7. 7.
    D. Newbern, M. Freemark, Placental hormones and the control of maternal metabolism and fetal growth. Curr. Opin. Endocrinol. Diabetes Obes. 18, 409–416 (2011)PubMedCrossRefGoogle Scholar
  8. 8.
    M. Freemark, Regulation of maternal metabolism by pituitary and placental hormones: roles in fetal development and metabolic programming. Horm. Res. 65(Suppl 3), 41–49 (2006)PubMedCrossRefGoogle Scholar
  9. 9.
    M. Freemark, K. Kirk, C. Pihoker, M.C. Robertson, R.P. Shiu, P. Driscoll, Pregnancy lactogens in the rat conceptus and fetus: circulating levels, distribution of binding, and expression of receptor messenger ribonucleic acid. Endocrinology 133, 1830–1842 (1993)PubMedGoogle Scholar
  10. 10.
    R. Arumugam, D. Fleenor, D. Lu, M. Freemark, Differential and complementary effects of glucose and prolactin on islet DNA synthesis and gene expression. Endocrinology 152, 856–868 (2011)PubMedCentralPubMedCrossRefGoogle Scholar
  11. 11.
    R. Arumugam, E. Horowitz, D. Lu et al., The interplay of prolactin and the glucocorticoids in the regulation of beta-cell gene expression, fatty acid oxidation, and glucose-stimulated insulin secretion: implications for carbohydrate metabolism in pregnancy. Endocrinology 149, 5401–5414 (2008)PubMedCentralPubMedCrossRefGoogle Scholar
  12. 12.
    R. Arumugam, E. Horowitz, R.C. Noland, D. Lu, D. Fleenor, M. Freemark, Regulation of islet beta-cell pyruvate metabolism: interactions of prolactin, glucose, and dexamethasone. Endocrinology 151, 3074–3083 (2010)PubMedCentralPubMedCrossRefGoogle Scholar
  13. 13.
    T.C. Brelje, D.W. Scharp, P.E. Lacy et al., Effect of homologous placental lactogens, prolactins, and growth hormones on islet B-cell division and insulin secretion in rat, mouse, and human islets: implication for placental lactogen regulation of islet function during pregnancy. Endocrinology 132, 879–887 (1993)PubMedGoogle Scholar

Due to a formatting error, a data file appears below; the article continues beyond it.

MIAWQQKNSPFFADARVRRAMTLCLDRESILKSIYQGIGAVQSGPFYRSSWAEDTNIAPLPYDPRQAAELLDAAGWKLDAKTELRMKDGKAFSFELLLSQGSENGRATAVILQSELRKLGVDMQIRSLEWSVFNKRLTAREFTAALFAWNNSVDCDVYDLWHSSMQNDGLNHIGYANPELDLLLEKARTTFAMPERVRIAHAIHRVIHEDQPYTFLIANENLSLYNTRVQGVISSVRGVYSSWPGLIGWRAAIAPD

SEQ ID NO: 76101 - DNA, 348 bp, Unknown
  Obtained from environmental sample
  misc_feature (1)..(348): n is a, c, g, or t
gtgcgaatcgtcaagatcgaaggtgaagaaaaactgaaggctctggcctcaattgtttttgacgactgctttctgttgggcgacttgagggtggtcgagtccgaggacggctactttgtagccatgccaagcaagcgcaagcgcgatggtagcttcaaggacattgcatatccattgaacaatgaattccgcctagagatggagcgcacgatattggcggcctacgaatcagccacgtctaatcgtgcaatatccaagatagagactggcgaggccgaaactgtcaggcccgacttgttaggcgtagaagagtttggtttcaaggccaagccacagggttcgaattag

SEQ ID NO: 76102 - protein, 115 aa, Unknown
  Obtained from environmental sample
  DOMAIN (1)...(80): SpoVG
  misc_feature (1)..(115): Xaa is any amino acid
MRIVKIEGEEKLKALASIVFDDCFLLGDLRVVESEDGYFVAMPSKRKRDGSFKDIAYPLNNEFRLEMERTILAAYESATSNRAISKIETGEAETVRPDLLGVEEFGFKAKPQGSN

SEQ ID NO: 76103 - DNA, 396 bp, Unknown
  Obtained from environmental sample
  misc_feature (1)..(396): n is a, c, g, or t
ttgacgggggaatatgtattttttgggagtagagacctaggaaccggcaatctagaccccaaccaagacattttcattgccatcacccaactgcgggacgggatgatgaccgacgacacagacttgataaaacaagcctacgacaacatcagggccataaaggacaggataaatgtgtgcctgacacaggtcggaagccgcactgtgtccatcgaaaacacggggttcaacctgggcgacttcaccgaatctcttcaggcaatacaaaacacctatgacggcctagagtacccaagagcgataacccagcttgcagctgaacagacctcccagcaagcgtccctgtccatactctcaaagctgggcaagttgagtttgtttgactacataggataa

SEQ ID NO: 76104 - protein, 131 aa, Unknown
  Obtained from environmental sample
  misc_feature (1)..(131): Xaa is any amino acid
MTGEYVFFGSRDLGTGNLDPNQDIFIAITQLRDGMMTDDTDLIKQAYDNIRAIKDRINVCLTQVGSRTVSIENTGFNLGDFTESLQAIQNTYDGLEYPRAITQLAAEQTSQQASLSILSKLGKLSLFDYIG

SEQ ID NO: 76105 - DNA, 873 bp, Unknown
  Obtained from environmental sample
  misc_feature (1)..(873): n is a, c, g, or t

14. 14.
    M. Freemark, Ontogenesis of prolactin receptors in the human fetus: roles in fetal development. Biochem. Soc. Trans. 29, 38–41 (2001)PubMedCrossRefGoogle Scholar
  15. 15.
    L. Labriola, W.R. Montor, K. Krogh et al., Beneficial effects of prolactin and laminin on human pancreatic islet-cell cultures. Mol. Cell. Endocrinol. 263, 120–133 (2007)PubMedCrossRefGoogle Scholar
  16. 16.
    A. Petryk, D. Fleenor, P. Driscoll, M. Freemark, Prolactin induction of insulin gene expression: the roles of glucose and glucose transporter-2. J. Endocrinol. 164, 277–286 (2000)PubMedCrossRefGoogle Scholar
  17. 17.
    T. Yamamoto, C. Ricordi, A. Mita et al., beta-Cell specific cytoprotection by prolactin on human islets. Transpl. Proc. 40, 382–383 (2008)CrossRefGoogle Scholar
  18. 18.
    D. Fleenor, A. Petryk, P. Driscoll, M. Freemark, Constitutive expression of placental lactogen in pancreatic beta cells: effects on cell morphology, growth, and gene expression. Pediatr. Res. 47, 136–142 (2000)PubMedCrossRefGoogle Scholar
  19. 19.